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My beginning and a workbench #1: Initial thoughts

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Blog entry by smstevo posted 01-06-2016 11:37 PM 809 reads 0 times favorited 10 comments Add to Favorites Watch
no previous part Part 1 of My beginning and a workbench series Part 2: Workbench done, photos inside. »

Hi all. I have been lurking and watching others on here for quite some time. I have been quite interested in woodworking for several years, but being in the military and moving around has made it difficult to do anything. I have either lived in the barracks, a small apartment, or have otherwise been restricted from having an area I was able to use for using the necessary tools.

Well, now I am in Hawaii and am about to move into an actual house, with a two car garage, and all of the space I could ever need. My main inspiration has been Paul Sellers, and as such, my first attempt will be to build the workbench he instructs through his YT channel.

I have very few tools, but will be buying what I need once my car arrives on island.

My first trip will be to Sports Authority so I can get a 175 gram Wham-o frisbee, and probably right on to either Lowes or Home Depot, where I will buy my necessary 2×4s. On my shopping list I have the following as of right now:

1. Gallon of glue
2. 8-10 aluminum bar clamps
3. 29 2×4s
4. Chisel set (or use my Craftsman set after sharpening)
5. Double sided hammer (or I may build a wooden mallet, not sure on that yet)
6. Crosscut saw
7. Back saw
8. Bench vise

So I have an old Stanley #4 which is what I’ll be using for most of the hard work (as I’m sure everyone knows from watching the videos) and I have a woodcraft B&M store on island, so I’ll be able to purchase some of the more specific items I want (i.e. I want to purchase a real nice dovetail saw).

Right now my sticking point is the bar clamps. Unfortunately, places like Harbor Freight require a hefty cost to ship to my address ($50+), so it makes their 36” clamps at $9.99 not very attractive. It’d be $80 for 8 clamps, then $50 for shipping, bringing it to about $16.25 for each clamp. I can’t find any on the used market right now (such as on craigslist), so I am afraid I’ll have to buy them new at the Home Depot or Lowes, which I am okay with. If anyone has any suggestions on this point please let me know.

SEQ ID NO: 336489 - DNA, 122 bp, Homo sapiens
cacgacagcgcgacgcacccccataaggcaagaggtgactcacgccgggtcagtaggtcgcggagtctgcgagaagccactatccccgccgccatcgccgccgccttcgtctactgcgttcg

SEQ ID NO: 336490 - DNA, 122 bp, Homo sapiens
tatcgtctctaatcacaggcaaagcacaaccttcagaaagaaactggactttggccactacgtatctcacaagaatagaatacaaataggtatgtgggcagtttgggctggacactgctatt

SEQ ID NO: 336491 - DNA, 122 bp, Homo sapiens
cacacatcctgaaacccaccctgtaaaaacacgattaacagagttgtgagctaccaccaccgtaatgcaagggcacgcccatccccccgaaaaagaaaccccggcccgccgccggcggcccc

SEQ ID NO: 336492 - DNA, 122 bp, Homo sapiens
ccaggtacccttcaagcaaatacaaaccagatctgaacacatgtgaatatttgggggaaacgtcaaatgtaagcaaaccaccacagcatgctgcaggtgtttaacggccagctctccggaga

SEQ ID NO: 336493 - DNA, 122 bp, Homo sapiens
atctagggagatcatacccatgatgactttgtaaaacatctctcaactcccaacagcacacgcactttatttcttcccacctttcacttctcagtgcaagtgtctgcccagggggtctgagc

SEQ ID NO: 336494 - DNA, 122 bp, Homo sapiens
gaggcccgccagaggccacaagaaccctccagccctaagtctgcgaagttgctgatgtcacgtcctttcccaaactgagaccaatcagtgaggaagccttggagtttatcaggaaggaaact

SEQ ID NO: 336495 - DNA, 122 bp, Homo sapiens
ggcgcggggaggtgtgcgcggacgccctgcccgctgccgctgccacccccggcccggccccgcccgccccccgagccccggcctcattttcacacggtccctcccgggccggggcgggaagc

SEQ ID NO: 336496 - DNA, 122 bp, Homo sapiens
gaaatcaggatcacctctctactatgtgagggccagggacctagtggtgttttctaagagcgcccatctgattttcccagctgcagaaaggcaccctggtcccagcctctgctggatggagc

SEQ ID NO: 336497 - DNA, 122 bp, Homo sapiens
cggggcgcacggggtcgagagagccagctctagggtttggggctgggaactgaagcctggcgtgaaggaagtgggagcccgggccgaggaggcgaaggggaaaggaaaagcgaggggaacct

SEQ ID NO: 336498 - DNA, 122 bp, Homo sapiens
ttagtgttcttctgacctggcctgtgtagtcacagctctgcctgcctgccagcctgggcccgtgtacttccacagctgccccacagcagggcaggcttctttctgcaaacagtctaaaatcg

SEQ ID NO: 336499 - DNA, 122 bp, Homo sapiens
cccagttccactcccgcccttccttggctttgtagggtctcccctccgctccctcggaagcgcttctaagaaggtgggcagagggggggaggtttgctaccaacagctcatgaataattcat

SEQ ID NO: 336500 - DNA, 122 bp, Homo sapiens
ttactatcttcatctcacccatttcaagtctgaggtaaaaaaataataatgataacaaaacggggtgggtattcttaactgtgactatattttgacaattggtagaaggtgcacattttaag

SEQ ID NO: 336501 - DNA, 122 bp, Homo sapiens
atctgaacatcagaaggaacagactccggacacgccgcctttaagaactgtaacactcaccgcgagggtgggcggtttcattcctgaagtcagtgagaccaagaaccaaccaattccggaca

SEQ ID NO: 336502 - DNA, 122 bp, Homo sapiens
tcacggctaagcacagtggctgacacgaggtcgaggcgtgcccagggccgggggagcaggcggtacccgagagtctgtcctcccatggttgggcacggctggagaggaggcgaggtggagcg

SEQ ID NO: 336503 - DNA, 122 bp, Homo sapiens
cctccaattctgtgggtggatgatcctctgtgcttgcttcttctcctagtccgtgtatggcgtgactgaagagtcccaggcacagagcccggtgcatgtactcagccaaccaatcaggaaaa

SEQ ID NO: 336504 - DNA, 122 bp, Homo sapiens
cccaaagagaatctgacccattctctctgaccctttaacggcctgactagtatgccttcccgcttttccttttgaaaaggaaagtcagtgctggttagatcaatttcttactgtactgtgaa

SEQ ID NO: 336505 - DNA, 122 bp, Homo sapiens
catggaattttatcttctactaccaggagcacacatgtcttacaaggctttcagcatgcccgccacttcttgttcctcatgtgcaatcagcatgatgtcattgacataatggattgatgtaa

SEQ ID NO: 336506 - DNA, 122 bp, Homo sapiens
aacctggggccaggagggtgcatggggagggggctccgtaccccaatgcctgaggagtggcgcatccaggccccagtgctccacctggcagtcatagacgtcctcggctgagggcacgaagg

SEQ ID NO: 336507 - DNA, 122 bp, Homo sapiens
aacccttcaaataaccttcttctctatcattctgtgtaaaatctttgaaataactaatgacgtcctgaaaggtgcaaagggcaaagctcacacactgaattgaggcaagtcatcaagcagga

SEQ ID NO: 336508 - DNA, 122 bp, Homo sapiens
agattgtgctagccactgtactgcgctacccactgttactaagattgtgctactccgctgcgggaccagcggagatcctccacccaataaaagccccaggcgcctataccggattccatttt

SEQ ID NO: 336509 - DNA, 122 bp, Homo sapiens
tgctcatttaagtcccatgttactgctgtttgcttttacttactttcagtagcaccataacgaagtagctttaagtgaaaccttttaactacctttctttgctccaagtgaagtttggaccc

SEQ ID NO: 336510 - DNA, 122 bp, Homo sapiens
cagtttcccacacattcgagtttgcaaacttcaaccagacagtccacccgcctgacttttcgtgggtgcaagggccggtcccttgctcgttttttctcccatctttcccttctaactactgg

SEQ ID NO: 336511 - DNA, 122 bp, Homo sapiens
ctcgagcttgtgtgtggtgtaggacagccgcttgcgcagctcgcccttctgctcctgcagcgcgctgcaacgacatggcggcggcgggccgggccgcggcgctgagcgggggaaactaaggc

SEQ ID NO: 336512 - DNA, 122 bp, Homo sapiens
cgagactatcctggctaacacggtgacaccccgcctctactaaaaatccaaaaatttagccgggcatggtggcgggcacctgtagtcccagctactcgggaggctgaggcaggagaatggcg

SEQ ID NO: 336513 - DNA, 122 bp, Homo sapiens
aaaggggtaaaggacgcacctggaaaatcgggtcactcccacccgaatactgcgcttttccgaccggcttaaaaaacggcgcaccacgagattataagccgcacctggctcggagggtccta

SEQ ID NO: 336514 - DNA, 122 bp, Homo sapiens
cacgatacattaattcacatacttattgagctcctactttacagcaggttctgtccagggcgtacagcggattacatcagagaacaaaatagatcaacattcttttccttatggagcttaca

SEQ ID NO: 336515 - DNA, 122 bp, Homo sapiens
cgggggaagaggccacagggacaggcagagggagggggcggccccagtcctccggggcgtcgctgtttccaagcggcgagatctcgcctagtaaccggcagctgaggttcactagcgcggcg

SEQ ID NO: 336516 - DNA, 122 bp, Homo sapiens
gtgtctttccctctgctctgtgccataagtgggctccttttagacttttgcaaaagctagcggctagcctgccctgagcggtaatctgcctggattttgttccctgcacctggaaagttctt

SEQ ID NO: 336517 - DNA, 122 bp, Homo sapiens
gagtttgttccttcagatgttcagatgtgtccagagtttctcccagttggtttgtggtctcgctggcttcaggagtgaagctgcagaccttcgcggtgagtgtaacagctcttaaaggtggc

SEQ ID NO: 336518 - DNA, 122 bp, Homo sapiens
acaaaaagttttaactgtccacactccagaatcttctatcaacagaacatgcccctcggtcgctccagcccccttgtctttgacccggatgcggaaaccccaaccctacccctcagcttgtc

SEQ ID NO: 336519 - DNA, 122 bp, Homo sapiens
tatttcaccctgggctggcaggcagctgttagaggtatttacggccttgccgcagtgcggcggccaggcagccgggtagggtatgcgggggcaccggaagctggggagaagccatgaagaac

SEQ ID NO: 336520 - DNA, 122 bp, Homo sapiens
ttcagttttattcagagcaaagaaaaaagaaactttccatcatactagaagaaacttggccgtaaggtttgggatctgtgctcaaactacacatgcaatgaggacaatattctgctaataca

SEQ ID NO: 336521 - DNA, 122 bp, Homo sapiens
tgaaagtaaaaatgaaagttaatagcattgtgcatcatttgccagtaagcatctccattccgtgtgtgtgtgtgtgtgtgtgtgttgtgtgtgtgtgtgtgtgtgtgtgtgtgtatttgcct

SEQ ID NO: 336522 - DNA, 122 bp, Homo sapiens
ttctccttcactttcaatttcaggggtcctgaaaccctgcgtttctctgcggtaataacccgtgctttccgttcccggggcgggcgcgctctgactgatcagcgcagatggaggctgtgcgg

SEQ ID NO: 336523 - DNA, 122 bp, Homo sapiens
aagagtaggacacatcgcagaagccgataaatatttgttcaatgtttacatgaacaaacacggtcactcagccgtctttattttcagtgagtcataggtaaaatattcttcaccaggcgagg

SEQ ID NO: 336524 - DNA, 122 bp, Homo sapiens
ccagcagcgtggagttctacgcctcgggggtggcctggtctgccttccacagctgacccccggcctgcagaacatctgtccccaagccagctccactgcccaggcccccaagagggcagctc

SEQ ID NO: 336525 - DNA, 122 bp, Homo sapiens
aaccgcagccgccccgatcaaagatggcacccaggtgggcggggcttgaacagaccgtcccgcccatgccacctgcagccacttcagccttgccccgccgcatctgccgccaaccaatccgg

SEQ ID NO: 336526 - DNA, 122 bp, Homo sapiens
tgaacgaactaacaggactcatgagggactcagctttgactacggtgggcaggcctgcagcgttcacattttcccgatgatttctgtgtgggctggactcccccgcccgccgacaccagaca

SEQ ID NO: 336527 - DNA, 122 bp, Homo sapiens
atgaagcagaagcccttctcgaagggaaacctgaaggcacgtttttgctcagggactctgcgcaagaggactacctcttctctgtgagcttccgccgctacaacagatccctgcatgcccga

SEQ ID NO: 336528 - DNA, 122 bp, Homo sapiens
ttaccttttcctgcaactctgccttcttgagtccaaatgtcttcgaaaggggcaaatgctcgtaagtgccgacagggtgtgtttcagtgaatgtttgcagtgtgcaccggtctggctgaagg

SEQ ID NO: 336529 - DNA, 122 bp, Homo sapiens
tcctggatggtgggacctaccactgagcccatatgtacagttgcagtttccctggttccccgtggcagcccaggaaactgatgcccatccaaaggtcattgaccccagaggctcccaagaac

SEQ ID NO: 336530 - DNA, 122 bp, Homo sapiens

Once I start working on the bench, I plan to either video it or to heavily document it photographically so I can share the experience with everyone else on the WWW.

Looking forward to doing that.

Stevo



10 comments so far

View David Taylor's profile

David Taylor

326 posts in 555 days


#1 posted 01-07-2016 12:56 AM

You should be able to get some pipe clamp heads and pipes at HD/Lowes Very handy, monster clamping pressure if you want it, and should be low money.

-- Learn Relentlessly

View smstevo's profile

smstevo

9 posts in 339 days


#2 posted 01-07-2016 06:21 AM

I’m looking. Not finding things that would match up at good prices yet.

View TheFridge's profile

TheFridge

5765 posts in 954 days


#3 posted 01-07-2016 06:30 AM

Pipe clamps are your best bet heavy laminations. Good luck.

-- Shooting down the walls of heartache. Bang bang. I am. The warrior.

View smstevo's profile

smstevo

9 posts in 339 days


#4 posted 01-07-2016 06:33 AM

Anything you could recommend specifically with a good price to quality ratio?

View smstevo's profile

smstevo

9 posts in 339 days


#5 posted 01-07-2016 07:40 AM

I’m thinking about making some clamps myself, such as in this video: https://www.youtube.com/watch?v=vSwlM7cf6mo

View David Taylor's profile

David Taylor

326 posts in 555 days


#6 posted 01-08-2016 03:57 AM

I have these clamp heads (around $13) – http://www.homedepot.com/p/Pony-Adjustable-3-4-in-Pipe-Clamp-50-2PK/100132368

Married them with black iron pipe, also from Home Depot – about $10 for three foot lengths

This then means you have a really good and useful three foot clamp for $25. A Bessey KR3.531 (31” capacity) runs closer to $50. Plus, the versatility you get in being able to use couplings to lengthen your clamps when needed, and the different length pipes for different usage, means they are a good bargain in the long haul.

-- Learn Relentlessly

View BrettMcD's profile

BrettMcD

13 posts in 2004 days


#7 posted 01-08-2016 10:58 PM

stevo